I would love to hear back from you. Thanks, Michelle.
Thanks Sara, that's very informative! When I'm working out I tend to work hard, for me. I definitely can't carry on a full conversation but I can get a few words out alright. It tends not to take me very long to get back to where I can converse normally, maybe a minute or two.
The triathlon went well! I was hoping to complete in two hours and I finished in 1:56:20! My next one is in May. :)
Congrats Michelle! It sounds like you are working in a great place for you, as long as you don't have any injuries or "conditions." I would definitely start to work on improving that recovery rate. Perhaps interval train - take it to a place that's hard for you for a minute or two and then recover. See how quickly you can recover and then go back to that place! If you set new challenges for the body, you will see new results! Best of luck.
I have a couple questions. I am new to working out (I started right before the new year) and I was wondering how many times per week and for how long I should be aiming to exercise. I am 26 and used to be a pastry chef but now work an office job so I am much more sedentary. My second question is how late is too late to work out at night? I usually get home from work around 6 and sometimes get sidetracked before I can get exercising. If I get the motivation at 8pm is that too late to do an intense work out? I usually get to bed around 11 and generally do not have trouble getting to sleep. Sometimes after dinner I feel motivated to do some working out but I don't because I am afraid of it affecting my sleep or being bad for circulation.
Hi Alissa. Congrats on starting your 2011 workout plan! What type of workouts have you been doing? Have you been following the Whole Living Action Plan?
Bare minimum, I like to follow the American College os Sports Medicine’s recommendations:
Guidelines for healthy adults under age 65:
Do moderately intense cardio 30 minutes a day, five days a week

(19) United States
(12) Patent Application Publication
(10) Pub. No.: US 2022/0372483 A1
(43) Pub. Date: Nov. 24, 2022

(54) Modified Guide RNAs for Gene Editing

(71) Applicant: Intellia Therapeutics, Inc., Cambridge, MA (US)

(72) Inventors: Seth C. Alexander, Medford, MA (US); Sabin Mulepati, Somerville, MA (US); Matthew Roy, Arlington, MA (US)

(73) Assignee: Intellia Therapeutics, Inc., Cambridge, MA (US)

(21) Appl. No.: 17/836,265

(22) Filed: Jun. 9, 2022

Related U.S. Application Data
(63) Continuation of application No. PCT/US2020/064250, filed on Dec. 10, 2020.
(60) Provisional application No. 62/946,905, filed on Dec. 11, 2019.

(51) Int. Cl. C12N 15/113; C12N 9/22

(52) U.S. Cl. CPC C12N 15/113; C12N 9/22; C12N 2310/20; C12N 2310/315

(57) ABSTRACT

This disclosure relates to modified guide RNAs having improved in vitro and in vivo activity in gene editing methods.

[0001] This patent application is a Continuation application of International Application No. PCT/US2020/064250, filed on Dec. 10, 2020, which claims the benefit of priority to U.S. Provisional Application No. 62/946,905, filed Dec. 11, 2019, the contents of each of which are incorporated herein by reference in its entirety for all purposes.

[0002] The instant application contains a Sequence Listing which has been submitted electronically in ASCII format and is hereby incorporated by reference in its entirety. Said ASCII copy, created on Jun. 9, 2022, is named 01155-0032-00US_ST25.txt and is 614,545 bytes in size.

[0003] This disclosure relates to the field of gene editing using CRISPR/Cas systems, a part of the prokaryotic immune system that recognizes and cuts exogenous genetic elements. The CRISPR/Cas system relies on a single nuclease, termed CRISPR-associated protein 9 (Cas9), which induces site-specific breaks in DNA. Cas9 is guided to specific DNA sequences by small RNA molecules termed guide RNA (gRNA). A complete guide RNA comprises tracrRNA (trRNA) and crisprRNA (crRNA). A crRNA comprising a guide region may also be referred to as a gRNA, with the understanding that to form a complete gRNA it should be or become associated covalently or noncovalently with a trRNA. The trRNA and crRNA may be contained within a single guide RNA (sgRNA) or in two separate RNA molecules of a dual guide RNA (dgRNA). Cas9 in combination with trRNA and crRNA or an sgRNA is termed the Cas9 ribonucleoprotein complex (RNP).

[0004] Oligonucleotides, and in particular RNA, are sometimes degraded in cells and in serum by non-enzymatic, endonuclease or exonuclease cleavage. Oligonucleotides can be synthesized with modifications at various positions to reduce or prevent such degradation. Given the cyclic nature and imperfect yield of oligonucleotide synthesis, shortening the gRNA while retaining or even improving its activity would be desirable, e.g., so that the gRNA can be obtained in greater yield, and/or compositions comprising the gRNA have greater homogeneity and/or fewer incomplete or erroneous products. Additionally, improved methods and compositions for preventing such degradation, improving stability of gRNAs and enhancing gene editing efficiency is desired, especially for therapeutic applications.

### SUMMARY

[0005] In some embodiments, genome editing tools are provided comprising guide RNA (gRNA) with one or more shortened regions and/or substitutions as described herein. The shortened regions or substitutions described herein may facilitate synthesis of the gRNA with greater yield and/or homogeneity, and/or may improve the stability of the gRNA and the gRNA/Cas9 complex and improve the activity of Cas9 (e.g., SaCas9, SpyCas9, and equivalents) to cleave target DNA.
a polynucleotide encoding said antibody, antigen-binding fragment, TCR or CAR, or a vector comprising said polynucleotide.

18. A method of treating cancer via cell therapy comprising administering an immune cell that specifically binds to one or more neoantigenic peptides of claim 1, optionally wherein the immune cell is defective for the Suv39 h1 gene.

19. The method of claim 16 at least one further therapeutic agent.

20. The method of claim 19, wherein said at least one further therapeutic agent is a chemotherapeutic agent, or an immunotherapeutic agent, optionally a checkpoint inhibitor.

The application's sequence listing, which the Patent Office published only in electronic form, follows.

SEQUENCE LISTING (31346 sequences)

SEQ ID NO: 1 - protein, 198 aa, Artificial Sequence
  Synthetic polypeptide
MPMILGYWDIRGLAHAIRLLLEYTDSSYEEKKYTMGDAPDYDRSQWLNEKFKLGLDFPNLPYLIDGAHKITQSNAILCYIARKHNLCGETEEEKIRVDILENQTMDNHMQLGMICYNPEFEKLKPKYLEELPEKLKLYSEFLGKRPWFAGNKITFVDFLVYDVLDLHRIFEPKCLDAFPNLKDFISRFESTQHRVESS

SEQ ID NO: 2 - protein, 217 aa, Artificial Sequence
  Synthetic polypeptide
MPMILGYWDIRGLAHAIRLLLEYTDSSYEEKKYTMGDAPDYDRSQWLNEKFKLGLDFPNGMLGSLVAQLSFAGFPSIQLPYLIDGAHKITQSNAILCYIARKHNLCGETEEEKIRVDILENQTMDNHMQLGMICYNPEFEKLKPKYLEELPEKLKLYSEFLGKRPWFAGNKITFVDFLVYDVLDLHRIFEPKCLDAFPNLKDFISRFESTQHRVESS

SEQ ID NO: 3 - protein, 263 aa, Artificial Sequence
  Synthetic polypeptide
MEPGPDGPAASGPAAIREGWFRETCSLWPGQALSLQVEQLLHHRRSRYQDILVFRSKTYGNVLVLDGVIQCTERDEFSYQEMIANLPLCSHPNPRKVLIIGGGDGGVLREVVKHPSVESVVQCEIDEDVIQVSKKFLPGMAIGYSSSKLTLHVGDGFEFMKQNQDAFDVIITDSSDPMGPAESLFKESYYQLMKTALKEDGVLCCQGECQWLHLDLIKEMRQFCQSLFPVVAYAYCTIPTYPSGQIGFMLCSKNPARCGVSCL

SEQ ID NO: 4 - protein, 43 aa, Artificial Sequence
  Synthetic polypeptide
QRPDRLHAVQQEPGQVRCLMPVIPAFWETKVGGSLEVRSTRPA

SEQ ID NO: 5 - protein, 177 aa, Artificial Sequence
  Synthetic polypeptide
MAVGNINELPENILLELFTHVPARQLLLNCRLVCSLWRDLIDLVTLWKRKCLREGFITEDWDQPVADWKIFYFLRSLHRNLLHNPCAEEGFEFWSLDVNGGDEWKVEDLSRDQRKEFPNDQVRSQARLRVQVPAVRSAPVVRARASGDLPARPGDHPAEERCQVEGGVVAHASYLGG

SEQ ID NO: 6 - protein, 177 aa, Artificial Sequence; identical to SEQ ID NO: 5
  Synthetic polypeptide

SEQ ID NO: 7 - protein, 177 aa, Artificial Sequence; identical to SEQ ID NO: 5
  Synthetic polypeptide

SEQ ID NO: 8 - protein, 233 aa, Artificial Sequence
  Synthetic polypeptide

Do vigorously intense cardio 20 minutes a day, 3 days a week
Do eight to 10 strength-training exercises, eight to 12 repetitions of each exercise twice a week.
Moderate-intensity physical activity means working hard enough to raise your heart rate and break a sweat, yet still being able to carry on a conversation.
Of these choices, I prefer 3 days of week of cardio & 2 days of strength training. Once you hit 30 years old, you start to lose 1/3 to 1/2 lb. of muscle each year. At 26 you can easily get a head start by building some muscle tone!
In terms of the best time to work out, anytime you can fit it in is the best time! If nights work for you go for it. You probably hear a lot of people recommend mornings because the fear is that as the day flies by you’ll find less time for fitting a work out in. However, I know a lot of people who absolutely love working out at night. I think the best thing to do is try it out and see how it affects your sleep - it’s different for everyone. This article though should calm your fears: http://www.nytimes.com/2006/01/24/health/24real.html .
Would love to hear back from you!
I'm getting back in shape after a few months of heavy fertility treatments. I'm trying to find a routine and I've decided to do this one:
30 min ellptical every day
20 min pilates ou yoga every day
What do you think? Do you think it's wise? Is there something missing?